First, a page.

After Years of Being an Employer, Here’s The Truth About Your Job Interview

From a reader:

I will soon be entering interviews for my first job in a new career path. I’m interested if you have any tips or resources for interviewing well? Ways to practice, reduce nerves, etc.

Thank you,
Meredith

In my last business, I had to recruit a lot of people. I spent many hours at “the other side of the table”. It was a mind opening experience because I saw people do the same mistakes over and over. So I thought I’d share with you some of my experiences of what people did well at interviews and what they did wrong.

First: In school and in life in general people talk WAY TOO MUCH about their experience and WAY TOO LITTLE about attitude and social skills.

Ask any successful business owner what they are looking for: Someone with years of experience or the right attitude and social skills? Thousands of employees with “years of experience” get rejected every day because they don’t show the right attitude at the interview.

How come? Well, with the right attitude, things always work out. After all, people without experience will learn. With the wrong attitude, no experience in the world will help.

All employers are painfully aware of this. For many jobs, you need the right experience and qualifications, but only up to a certain point. This is called a threshold value. As long as you fill the qualifications, it’s about attitude.

“You need to be smart enough to be in the game. Once you’re in the game, however, […] the number one deal breaker is the drive to achieve (attitude)…”

Next is social skills.

Why are social skills important? Most employees I’ve come across don’t know about this, but it’s actually REALLY HARD to combine a group of people who will spend 8 hours a day together in a stressful environment for years and still be able to work great together. Conflicts between employees cost a huge amount of time and money in each company so employers CRAVE people with social skills to make sure they can work together.

Makes sense? Cool!

With this in mind, here are my best advice for nailing the job interview:

1. Employers are OK with interviewees who are nervous

Employers are OK with interviewees who are nervous. However, if you tense up they might mistake that for you being stiff/distant/uninterested. So you want to address that. Before you enter the interview, remember that it’s OK to feel nervous! It’s even OK to show it. If you want to, you can even tell the employer “This is so exciting to me so I’m feeling a bit nervous”. (That will in itself make you feel more at ease, and you show the employer that you CARE.)

2. Attitude is a deal breaker

What a lot of interviewees forget is to show EXCITEMENT for the job. If you’re excited about the job – tell them. Give them some positive remarks about something you like about the company or the place. (I cringe when I think about how people don’t show employers that they are super excited for the job because attitude is a deal breaker when it comes to getting the job.)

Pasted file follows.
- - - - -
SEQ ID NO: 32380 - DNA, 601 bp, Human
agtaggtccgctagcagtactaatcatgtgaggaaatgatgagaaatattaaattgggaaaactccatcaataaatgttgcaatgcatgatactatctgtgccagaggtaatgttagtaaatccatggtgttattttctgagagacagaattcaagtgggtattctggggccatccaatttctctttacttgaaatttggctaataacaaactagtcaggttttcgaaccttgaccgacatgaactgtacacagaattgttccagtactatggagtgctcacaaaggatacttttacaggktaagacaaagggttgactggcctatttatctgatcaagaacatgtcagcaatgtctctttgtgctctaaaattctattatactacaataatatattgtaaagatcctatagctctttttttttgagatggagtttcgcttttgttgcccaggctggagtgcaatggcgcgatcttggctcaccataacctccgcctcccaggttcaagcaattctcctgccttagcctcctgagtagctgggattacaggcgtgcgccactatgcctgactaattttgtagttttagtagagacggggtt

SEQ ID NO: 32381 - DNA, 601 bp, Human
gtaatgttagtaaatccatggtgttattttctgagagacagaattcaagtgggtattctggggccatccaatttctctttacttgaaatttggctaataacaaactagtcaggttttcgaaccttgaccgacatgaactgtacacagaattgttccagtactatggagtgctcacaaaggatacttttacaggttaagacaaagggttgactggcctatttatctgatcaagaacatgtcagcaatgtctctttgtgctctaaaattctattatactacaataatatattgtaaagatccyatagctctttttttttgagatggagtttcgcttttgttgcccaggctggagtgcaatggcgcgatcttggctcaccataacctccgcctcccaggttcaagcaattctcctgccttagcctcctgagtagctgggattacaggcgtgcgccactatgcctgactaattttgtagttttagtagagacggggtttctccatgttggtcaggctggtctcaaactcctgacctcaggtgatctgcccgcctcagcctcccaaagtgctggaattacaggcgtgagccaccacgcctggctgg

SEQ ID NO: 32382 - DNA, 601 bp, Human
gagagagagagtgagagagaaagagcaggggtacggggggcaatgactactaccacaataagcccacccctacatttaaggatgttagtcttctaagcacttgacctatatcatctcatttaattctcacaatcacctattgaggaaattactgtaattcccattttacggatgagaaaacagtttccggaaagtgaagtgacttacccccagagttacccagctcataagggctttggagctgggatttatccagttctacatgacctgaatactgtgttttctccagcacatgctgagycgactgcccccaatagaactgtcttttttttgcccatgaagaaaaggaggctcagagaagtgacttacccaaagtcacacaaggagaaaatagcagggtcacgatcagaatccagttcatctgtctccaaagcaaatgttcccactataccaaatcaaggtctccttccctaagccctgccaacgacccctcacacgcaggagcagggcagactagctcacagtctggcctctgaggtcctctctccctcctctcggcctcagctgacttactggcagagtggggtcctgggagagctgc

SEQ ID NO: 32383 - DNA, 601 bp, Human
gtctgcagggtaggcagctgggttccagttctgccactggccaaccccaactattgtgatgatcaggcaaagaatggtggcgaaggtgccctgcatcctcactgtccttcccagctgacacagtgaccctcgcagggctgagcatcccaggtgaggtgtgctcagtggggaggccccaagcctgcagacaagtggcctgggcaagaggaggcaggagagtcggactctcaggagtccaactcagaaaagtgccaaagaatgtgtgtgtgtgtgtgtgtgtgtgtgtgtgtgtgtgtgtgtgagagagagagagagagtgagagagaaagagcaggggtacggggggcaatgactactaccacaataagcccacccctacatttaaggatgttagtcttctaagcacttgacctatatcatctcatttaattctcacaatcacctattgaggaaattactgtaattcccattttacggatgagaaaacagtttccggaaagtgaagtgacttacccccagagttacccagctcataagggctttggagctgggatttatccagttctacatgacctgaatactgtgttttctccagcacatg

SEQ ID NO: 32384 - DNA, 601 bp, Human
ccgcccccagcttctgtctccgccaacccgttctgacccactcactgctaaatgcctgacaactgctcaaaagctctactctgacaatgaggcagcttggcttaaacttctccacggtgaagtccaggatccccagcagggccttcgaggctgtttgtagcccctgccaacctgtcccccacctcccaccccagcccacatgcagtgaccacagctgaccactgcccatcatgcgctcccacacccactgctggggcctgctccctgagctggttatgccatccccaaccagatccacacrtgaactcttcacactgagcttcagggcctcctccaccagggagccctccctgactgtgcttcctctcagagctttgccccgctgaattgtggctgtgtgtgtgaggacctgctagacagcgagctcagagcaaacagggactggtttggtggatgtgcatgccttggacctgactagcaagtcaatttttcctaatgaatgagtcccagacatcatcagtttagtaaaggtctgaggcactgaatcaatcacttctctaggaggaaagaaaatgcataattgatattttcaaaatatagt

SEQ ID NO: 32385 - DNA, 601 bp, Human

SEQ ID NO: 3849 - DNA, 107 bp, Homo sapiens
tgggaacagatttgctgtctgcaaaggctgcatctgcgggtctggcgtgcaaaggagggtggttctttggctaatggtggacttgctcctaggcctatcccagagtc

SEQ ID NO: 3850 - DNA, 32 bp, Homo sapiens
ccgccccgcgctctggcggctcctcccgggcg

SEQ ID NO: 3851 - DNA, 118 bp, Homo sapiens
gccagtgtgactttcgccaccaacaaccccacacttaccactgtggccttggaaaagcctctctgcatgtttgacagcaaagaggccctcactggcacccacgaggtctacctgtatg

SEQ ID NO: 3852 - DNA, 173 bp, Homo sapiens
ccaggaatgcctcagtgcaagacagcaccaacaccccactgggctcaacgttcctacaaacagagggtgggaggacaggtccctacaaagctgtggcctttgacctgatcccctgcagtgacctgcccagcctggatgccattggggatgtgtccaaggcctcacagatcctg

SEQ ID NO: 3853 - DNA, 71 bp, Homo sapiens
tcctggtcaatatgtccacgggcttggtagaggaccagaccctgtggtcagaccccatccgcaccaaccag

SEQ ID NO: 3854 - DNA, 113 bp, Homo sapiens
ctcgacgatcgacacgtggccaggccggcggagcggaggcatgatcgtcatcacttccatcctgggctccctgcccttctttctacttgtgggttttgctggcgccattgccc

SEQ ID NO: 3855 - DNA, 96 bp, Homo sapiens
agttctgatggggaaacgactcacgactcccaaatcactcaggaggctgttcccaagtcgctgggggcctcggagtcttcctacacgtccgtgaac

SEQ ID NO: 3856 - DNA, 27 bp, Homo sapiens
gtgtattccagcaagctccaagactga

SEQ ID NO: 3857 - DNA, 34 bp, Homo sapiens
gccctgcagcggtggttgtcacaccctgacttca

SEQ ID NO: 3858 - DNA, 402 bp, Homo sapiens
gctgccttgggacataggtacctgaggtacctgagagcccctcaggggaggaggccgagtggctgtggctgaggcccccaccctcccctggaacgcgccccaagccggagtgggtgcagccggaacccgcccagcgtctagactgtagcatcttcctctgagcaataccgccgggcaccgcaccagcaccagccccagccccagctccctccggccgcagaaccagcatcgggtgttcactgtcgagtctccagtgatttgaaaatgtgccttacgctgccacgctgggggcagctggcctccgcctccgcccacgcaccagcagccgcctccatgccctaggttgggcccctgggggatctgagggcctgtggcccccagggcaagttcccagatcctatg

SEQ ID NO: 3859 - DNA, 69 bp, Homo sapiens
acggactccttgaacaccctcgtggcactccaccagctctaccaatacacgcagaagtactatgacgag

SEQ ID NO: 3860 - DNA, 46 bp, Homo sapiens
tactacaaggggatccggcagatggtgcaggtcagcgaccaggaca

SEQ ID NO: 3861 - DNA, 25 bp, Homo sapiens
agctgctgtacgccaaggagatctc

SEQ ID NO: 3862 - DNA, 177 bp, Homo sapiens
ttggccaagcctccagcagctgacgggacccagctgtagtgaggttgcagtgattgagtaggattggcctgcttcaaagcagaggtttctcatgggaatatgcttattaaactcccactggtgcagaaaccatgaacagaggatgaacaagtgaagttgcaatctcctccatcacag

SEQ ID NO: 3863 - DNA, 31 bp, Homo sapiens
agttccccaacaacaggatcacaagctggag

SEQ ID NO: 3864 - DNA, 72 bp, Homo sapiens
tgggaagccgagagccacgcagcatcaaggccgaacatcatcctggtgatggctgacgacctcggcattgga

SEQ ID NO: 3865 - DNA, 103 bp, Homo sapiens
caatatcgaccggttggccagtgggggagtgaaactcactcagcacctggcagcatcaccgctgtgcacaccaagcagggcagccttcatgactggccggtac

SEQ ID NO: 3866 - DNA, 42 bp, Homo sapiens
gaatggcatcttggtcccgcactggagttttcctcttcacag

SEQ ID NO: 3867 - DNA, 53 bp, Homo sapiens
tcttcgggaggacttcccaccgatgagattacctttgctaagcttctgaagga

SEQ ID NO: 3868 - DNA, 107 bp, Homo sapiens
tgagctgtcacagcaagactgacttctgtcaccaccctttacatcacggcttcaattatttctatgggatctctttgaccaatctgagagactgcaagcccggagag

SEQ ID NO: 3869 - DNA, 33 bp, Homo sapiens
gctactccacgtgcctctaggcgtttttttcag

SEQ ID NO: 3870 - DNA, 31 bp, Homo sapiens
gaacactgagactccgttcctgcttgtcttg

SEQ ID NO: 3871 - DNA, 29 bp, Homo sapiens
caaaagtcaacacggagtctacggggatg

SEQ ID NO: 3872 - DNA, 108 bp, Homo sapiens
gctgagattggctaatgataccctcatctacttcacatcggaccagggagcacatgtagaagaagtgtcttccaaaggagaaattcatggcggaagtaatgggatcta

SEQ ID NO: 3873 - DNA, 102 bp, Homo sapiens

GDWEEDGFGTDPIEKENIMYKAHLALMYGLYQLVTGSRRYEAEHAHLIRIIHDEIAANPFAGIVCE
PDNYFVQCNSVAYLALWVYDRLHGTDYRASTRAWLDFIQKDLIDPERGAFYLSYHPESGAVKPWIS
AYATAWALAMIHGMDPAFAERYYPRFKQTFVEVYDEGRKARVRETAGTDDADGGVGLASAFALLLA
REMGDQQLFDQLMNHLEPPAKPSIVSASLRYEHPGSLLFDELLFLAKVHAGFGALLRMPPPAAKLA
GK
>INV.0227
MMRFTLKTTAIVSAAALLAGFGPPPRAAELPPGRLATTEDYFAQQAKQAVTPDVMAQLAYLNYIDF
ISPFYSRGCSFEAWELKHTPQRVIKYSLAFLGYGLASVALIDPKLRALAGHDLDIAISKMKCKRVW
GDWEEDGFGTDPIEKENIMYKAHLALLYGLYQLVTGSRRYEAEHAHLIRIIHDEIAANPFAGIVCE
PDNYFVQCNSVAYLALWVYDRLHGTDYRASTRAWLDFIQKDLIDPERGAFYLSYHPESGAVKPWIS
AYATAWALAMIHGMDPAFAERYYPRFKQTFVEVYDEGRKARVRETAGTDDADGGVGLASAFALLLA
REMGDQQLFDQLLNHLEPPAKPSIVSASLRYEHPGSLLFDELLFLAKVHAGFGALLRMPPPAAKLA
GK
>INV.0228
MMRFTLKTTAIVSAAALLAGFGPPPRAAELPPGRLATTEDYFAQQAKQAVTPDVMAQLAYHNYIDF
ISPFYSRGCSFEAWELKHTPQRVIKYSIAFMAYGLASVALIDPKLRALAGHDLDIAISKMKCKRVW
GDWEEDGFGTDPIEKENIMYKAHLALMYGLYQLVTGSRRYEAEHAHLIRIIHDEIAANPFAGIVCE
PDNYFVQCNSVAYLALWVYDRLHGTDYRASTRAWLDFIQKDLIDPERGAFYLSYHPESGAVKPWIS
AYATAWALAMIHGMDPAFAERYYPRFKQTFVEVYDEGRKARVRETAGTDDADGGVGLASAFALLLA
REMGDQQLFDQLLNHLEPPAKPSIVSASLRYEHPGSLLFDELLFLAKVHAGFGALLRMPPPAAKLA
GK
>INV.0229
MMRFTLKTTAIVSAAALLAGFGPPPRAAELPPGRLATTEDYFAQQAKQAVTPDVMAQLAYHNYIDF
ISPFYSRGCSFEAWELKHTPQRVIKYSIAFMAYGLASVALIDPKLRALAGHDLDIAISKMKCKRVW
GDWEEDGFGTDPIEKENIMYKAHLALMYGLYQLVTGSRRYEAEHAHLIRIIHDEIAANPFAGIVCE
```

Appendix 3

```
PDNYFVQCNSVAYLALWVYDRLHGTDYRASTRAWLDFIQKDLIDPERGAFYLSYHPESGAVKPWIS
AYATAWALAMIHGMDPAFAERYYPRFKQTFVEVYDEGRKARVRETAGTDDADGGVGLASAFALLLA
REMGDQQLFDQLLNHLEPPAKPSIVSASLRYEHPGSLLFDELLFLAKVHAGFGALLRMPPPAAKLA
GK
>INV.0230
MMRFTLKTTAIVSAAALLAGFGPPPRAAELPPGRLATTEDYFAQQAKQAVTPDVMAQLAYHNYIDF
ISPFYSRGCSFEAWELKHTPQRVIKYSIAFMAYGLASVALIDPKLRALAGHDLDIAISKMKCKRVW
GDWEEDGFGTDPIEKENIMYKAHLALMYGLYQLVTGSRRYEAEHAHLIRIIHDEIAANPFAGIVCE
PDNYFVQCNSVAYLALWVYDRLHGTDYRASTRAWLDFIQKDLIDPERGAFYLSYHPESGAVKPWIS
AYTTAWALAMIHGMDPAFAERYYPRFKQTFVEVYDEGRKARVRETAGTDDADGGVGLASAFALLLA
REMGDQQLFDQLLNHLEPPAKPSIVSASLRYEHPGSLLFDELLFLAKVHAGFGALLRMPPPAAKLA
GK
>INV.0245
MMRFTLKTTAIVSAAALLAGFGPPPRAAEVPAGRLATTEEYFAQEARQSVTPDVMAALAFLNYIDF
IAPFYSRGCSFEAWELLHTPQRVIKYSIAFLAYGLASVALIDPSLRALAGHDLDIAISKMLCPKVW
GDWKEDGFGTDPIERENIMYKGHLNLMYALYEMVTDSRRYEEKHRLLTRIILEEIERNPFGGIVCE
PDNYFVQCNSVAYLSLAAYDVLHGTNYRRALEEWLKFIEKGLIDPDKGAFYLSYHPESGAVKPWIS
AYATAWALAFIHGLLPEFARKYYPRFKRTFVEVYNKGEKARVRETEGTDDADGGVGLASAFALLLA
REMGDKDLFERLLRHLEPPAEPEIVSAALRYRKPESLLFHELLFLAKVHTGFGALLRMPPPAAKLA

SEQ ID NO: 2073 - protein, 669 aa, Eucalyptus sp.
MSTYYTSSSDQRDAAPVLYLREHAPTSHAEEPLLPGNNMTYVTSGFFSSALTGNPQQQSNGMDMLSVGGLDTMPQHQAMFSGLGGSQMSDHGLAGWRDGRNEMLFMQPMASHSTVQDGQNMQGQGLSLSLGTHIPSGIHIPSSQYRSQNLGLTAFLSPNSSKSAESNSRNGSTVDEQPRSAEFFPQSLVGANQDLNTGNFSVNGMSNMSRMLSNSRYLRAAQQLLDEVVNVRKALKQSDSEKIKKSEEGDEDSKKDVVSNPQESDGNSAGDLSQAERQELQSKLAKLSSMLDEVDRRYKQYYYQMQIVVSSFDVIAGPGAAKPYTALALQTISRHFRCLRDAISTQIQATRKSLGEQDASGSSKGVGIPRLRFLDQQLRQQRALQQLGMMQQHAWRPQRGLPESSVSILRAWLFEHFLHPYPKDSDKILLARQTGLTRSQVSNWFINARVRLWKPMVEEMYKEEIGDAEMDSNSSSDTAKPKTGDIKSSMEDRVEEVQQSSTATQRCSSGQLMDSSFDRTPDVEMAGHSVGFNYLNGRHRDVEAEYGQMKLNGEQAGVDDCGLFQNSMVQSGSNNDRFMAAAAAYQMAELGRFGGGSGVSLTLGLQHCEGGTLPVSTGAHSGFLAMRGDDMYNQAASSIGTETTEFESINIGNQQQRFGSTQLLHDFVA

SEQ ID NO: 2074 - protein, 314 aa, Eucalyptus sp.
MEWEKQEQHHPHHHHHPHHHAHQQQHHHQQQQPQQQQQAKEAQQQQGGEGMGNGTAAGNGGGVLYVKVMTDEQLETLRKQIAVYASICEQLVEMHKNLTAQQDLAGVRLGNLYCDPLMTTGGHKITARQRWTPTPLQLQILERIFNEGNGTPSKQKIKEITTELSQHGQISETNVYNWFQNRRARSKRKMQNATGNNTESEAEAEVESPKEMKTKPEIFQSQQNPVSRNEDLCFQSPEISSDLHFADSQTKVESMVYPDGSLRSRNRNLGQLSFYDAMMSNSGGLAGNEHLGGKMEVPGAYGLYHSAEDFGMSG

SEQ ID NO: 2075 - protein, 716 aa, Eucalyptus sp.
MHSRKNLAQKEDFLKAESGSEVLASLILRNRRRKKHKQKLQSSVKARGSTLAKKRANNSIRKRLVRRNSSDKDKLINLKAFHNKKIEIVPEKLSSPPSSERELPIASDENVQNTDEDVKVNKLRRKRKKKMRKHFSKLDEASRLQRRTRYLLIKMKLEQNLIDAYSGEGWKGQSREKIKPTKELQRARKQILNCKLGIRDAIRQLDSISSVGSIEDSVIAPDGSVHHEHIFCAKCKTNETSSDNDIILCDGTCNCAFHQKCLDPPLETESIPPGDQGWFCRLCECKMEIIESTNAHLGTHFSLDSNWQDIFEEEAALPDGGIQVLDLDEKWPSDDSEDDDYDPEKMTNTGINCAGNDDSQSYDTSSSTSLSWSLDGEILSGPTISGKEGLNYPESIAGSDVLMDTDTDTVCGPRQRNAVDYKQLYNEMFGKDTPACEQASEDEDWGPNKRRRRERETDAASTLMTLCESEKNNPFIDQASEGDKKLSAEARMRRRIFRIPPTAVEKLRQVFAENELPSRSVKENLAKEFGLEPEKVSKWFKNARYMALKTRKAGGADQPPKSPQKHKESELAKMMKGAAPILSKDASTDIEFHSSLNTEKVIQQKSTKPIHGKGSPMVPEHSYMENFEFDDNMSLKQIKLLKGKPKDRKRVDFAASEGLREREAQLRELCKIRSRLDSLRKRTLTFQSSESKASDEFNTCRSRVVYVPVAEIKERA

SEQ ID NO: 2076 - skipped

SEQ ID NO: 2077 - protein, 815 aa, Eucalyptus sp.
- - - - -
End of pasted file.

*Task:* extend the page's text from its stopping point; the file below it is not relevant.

3. Don’t assume they know you are passionate

The hardest thing to find is people who are passionate. As an employer, you’re doing everything you can to find passionate people that can work hard even if things get tough. Show that passion by telling them that, in case they would consider you, you’d love to work at their place because of A, B, C.

That’s right, don’t just say the empty words, tell them exactly why you would like it!

DON’T say: “I would love to work here”.

DO say: “I would love to work here because since I was a kid I loved [something that relates to the job] and this would be a dream come true for me. I know it won’t always be easy but I’m prepared to fight for it. At my last job, for example, we had [a big problem] and I did my best to solve it by [tell how you solved it]”.

Note: The point isn’t that you need to love something since you were a kid or been a hero at your last job! It’s that you give proof for why you really want the job.

4. Skip the empty phrases, provide evidence

Don’t say “I’m reliable” or “I’m hard-working”. That’s not possible to verify for the employer and comes off as bragging. Also, everyone says that. Instead, tell the employer about situations where you’ve been reliable or hard-working. Tell them stories about actual things you solved or did well. Optionally, say “People at my last job saw me as reliable. I think that’s because [tell them about specific moments]”.

5. Social skills

These were 4 points about showing the right ATTITUDE. But what about the other area, SOCIAL SKILLS? When it comes to both employers and coworkers, the rules of being likable is the same as for life in general. Here’s a free guide I made together with a behavioral scientist that’s relevant when it comes to the job interview too. Remember that the employer is a human being who likes the same qualities in people that you do.

GOOD LUCK ON YOUR INTERVIEW!

P.S. Let me know if you have any questions in the comments below!


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David Morin

I'm David Morin. I'm a social life expert. I'm featured in more than 20 self improvement and career sites and newspapers, among those Business Insider, Lifehacker and Thought Catalog. I live in Gothenburg, Sweden.